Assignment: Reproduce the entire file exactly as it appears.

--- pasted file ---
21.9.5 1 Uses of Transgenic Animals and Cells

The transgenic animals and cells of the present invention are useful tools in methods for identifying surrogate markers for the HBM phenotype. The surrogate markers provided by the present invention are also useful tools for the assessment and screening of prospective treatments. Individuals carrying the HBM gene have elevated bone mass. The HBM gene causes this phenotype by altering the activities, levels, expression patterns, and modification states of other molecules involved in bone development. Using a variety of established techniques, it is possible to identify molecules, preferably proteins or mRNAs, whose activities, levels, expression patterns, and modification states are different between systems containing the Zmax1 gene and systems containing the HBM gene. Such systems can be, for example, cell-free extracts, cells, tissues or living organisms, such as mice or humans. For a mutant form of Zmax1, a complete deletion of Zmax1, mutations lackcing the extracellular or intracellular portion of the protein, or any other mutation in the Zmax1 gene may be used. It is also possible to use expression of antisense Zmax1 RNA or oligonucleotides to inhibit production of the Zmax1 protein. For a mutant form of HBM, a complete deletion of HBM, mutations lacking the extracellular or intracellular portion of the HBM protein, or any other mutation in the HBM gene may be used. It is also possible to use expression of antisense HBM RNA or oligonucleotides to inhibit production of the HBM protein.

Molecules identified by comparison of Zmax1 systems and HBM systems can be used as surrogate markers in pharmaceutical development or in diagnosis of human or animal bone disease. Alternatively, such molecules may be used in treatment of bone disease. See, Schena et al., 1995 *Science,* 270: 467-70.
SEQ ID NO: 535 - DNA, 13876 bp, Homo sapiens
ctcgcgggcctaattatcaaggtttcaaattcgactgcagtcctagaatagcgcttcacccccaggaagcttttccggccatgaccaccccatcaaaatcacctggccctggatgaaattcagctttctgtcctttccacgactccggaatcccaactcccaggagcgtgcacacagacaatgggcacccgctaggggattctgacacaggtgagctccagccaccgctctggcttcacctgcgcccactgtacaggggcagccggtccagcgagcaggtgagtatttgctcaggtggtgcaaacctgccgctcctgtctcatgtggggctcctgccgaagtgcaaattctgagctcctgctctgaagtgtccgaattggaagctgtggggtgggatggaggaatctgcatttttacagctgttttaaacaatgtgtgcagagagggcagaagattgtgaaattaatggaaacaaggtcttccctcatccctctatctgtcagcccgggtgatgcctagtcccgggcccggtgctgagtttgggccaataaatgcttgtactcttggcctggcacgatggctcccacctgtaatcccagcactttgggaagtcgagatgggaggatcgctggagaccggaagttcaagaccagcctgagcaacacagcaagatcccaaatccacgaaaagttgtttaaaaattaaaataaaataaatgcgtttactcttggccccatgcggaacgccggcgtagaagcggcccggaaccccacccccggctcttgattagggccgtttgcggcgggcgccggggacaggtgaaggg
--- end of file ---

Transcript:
21.9.5 1 Uses of Transgenic Animals and Cells

The transgenic animals and cells of the present invention are useful tools in methods for identifying surrogate markers for the HBM phenotype. The surrogate markers provided by the present invention are also useful tools for the assessment and screening of prospective treatments. Individuals carrying the HBM gene have elevated bone mass. The HBM gene causes this phenotype by altering the activities, levels, expression patterns, and modification states of other molecules involved in bone development. Using a variety of established techniques, it is possible to identify molecules, preferably proteins or mRNAs, whose activities, levels, expression patterns, and modification states are different between systems containing the Zmax1 gene and systems containing the HBM gene. Such systems can be, for example, cell-free extracts, cells, tissues or living organisms, such as mice or humans. For a mutant form of Zmax1, a complete deletion of Zmax1, mutations lackcing the extracellular or intracellular portion of the protein, or any other mutation in the Zmax1 gene may be used. It is also possible to use expression of antisense Zmax1 RNA or oligonucleotides to inhibit production of the Zmax1 protein. For a mutant form of HBM, a complete deletion of HBM, mutations lacking the extracellular or intracellular portion of the HBM protein, or any other mutation in the HBM gene may be used. It is also possible to use expression of antisense HBM RNA or oligonucleotides to inhibit production of the HBM protein.

Molecules identified by comparison of Zmax1 systems and HBM systems can be used as surrogate markers in pharmaceutical development or in diagnosis of human or animal bone disease. Alternatively, such molecules may be used in treatment of bone disease. See, Schena et al., 1995 *Science,* 270: 467-70.
SEQ ID NO: 535 - DNA, 13876 bp, Homo sapiens
ctcgcgggcctaattatcaaggtttcaaattcgactgcagtcctagaatagcgcttcacccccaggaagcttttccggccatgaccaccccatcaaaatcacctggccctggatgaaattcagctttctgtcctttccacgactccggaatcccaactcccaggagcgtgcacacagacaatgggcacccgctaggggattctgacacaggtgagctccagccaccgctctggcttcacctgcgcccactgtacaggggcagccggtccagcgagcaggtgagtatttgctcaggtggtgcaaacctgccgctcctgtctcatgtggggctcctgccgaagtgcaaattctgagctcctgctctgaagtgtccgaattggaagctgtggggtgggatggaggaatctgcatttttacagctgttttaaacaatgtgtgcagagagggcagaagattgtgaaattaatggaaacaaggtcttccctcatccctctatctgtcagcccgggtgatgcctagtcccgggcccggtgctgagtttgggccaataaatgcttgtactcttggcctggcacgatggctcccacctgtaatcccagcactttgggaagtcgagatgggaggatcgctggagaccggaagttcaagaccagcctgagcaacacagcaagatcccaaatccacgaaaagttgtttaaaaattaaaataaaataaatgcgtttactcttggccccatgcggaacgccggcgtagaagcggcccggaaccccacccccggctcttgattagggccgtttgcggcgggcgccggggacaggtgaaggg